YAD and CYJL Events
On the evening of October 28th, JCGC hosted the Young Adult Division (YAD) of the Jewish Federation for a quick cemetery tour and discussion of cemetery practices/halacha at the Walnut Hills location. The event was hosted by Jeff Blumental, who heads up YAD, and was attended by about 15 members of YAD. Brad Kaplan, Josh Shapiro and David Hoguet attended for JCGC. We started at 6:30 with a little social time and a brief tour of the area near the office, which includes the monuments of Rabbis Isaac M. Wise and Max Lillienthal, as well as the Veterans Memorial. The group then moved inside for a discussion of several cemetery topics, including burials for intermarried couples, cremation and the halachic differences between the Reform, Conservative and Orthodox denominations. Perhaps the most interesting insight of the evening was the fact that this group of younger people embraced the idea of owning plots in the cemeteries closer to downtown than in the suburbs. All in all, it was a great exchange of ideas. We intend to repeat this event in the coming years.
On November 10th, JCGC co-sponsored with Rockdale and Cedar Village a talk for Create Your Jewish Legacy participants by Dr. Gary Zola entitled “‘He was Like One of Us’: Abraham Lincoln and American Jewry.” Before Gary’s talk, Rabbi Coran (Rockdale), Stewart Bromberg (Cedar Village), and Larry Neuman (JCGC) each thanked their legacy donors, followed by a brief talk about CYJL by David Harris, who heads the program. Many of the donors present had made legacy gifts to more than one of the organizations co-sponsoring the event.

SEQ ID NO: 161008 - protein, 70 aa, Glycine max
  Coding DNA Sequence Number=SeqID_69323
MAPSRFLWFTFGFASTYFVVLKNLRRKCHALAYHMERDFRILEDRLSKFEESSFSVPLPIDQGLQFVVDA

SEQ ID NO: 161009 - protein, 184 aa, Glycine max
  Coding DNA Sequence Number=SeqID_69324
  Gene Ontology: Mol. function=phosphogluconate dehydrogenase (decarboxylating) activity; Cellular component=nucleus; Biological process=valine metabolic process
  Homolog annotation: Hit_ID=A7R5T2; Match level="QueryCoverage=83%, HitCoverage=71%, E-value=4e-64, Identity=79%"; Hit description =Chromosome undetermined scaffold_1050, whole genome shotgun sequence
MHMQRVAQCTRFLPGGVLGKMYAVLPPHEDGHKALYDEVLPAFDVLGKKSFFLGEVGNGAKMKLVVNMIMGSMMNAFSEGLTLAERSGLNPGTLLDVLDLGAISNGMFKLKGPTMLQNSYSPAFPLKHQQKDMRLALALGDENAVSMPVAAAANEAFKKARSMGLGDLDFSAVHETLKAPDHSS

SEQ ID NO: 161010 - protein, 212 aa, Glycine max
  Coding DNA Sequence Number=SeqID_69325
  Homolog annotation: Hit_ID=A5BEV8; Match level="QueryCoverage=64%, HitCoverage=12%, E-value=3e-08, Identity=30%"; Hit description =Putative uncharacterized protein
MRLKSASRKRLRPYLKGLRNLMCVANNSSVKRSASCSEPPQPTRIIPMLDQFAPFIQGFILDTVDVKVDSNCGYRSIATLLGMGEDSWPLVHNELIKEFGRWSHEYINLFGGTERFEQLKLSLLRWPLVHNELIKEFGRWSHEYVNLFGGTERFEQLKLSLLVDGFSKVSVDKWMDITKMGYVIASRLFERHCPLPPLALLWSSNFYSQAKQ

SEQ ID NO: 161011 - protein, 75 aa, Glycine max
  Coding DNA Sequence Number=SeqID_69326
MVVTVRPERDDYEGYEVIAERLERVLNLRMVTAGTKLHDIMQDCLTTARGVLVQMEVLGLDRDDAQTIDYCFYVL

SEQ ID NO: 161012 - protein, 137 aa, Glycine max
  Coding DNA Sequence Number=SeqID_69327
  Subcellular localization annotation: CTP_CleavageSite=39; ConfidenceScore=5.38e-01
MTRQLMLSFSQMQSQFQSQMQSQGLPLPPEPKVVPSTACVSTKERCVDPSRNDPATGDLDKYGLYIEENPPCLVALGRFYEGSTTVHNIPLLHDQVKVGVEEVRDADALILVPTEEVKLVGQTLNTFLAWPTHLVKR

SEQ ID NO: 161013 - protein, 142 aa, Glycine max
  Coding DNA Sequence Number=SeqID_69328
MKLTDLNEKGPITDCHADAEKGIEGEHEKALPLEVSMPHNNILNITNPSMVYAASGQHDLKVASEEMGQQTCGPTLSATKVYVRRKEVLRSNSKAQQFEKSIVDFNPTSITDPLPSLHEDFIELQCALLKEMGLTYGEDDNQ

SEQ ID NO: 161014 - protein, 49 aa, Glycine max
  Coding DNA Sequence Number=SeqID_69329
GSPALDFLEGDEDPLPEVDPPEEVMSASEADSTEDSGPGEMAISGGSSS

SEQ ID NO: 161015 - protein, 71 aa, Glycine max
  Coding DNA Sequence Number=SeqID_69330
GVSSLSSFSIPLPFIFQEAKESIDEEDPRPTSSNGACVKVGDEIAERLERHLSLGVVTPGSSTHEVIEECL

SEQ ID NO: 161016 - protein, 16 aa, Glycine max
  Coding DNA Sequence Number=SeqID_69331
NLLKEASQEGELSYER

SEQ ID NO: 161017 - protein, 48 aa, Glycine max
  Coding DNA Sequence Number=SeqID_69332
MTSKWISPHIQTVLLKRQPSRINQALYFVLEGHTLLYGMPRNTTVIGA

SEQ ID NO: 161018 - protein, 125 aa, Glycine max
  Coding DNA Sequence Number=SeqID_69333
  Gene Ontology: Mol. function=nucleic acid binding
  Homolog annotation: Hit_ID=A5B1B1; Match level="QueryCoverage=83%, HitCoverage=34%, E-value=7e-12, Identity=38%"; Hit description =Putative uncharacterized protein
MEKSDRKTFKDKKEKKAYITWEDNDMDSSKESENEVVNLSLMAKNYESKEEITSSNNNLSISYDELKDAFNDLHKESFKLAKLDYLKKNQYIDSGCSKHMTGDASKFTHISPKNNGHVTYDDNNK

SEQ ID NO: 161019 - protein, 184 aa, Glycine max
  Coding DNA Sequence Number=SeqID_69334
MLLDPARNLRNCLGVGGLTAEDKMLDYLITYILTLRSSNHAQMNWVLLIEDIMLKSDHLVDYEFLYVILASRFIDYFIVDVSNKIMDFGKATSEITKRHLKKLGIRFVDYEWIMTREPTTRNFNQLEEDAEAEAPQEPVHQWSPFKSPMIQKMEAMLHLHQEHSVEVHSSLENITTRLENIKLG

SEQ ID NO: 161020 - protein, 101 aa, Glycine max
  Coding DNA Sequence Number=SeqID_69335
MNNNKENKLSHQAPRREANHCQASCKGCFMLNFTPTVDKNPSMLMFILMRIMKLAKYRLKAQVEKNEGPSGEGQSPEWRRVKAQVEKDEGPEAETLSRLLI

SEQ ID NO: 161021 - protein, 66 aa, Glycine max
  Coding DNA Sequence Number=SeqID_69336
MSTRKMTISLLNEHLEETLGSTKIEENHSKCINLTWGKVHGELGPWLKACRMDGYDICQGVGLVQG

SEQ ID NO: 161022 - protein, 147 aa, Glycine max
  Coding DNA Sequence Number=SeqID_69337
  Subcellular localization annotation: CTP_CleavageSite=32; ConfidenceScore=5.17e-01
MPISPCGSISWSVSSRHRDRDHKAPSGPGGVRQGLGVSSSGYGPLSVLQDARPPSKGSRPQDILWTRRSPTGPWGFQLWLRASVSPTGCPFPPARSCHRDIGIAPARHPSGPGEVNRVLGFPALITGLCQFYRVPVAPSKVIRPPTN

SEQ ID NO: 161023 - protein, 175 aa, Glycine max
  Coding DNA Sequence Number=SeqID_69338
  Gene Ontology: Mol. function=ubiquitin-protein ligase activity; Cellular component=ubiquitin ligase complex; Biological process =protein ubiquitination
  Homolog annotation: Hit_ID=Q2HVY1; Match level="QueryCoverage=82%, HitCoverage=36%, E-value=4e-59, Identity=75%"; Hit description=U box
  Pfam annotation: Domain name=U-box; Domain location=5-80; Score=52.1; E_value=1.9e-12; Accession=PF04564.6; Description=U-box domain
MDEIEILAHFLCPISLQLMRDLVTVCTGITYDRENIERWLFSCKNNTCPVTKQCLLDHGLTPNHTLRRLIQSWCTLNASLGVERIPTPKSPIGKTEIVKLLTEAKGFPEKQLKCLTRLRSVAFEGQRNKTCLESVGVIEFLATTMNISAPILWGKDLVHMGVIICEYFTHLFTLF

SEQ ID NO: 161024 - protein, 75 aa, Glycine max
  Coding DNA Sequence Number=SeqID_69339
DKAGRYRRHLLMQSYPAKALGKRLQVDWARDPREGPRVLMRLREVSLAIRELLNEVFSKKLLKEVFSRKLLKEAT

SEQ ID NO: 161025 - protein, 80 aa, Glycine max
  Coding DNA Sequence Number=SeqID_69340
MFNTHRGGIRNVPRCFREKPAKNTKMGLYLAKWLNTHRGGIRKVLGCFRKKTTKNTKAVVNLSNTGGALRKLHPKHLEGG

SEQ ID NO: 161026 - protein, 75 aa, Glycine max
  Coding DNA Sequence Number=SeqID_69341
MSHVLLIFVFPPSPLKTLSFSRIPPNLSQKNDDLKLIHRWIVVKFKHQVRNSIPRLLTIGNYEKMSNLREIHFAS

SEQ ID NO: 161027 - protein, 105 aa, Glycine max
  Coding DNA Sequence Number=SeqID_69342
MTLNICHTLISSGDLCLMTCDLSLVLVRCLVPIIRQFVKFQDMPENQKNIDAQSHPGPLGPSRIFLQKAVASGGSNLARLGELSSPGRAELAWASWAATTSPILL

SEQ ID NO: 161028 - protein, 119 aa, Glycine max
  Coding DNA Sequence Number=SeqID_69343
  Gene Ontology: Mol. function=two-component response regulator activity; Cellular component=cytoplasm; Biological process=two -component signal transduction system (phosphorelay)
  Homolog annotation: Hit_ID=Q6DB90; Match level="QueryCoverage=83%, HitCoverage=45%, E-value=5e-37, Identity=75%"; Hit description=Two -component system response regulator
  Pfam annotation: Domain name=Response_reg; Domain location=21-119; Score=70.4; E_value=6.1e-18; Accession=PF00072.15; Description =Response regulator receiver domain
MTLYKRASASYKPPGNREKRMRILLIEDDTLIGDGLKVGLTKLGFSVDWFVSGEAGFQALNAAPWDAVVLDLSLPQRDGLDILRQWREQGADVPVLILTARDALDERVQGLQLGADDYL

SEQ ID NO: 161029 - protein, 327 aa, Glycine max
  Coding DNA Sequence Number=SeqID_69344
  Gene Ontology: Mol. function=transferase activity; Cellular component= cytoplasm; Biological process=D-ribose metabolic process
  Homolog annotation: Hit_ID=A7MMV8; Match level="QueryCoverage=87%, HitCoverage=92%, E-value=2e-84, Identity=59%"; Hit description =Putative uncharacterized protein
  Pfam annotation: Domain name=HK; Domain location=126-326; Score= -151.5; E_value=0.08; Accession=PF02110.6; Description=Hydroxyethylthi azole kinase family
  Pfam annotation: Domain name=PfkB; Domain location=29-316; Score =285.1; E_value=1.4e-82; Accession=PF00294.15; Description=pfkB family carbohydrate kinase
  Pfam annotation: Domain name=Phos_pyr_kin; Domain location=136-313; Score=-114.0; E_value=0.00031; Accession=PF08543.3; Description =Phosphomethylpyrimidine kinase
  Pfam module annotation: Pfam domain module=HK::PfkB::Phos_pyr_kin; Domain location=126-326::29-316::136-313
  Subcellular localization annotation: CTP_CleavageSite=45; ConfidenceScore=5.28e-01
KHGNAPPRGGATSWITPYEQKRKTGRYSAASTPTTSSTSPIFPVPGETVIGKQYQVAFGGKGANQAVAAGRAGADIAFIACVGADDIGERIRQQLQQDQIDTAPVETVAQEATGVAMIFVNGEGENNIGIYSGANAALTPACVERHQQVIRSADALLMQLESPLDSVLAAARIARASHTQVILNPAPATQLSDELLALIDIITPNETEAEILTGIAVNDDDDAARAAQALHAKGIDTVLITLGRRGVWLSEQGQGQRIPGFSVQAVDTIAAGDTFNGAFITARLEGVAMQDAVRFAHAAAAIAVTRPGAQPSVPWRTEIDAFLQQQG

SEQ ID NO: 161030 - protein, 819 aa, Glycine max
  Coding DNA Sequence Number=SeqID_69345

Gary’s talk was fascinating. He traced the many Jewish friends Lincoln had prior to his becoming President; moved on to the actions Lincoln took during his presidency that endeared him to the Jews (allowing rabbis to become military chaplains during the Civil War, overturning Grant’s order expelling Jews from recently conquered territory, and resisting efforts to Christianize the Constitution); and closed with some of the obituaries of Lincoln that inspired the title of his book: “We Called Him Rabbi Abraham: Lincoln and American Jewry.”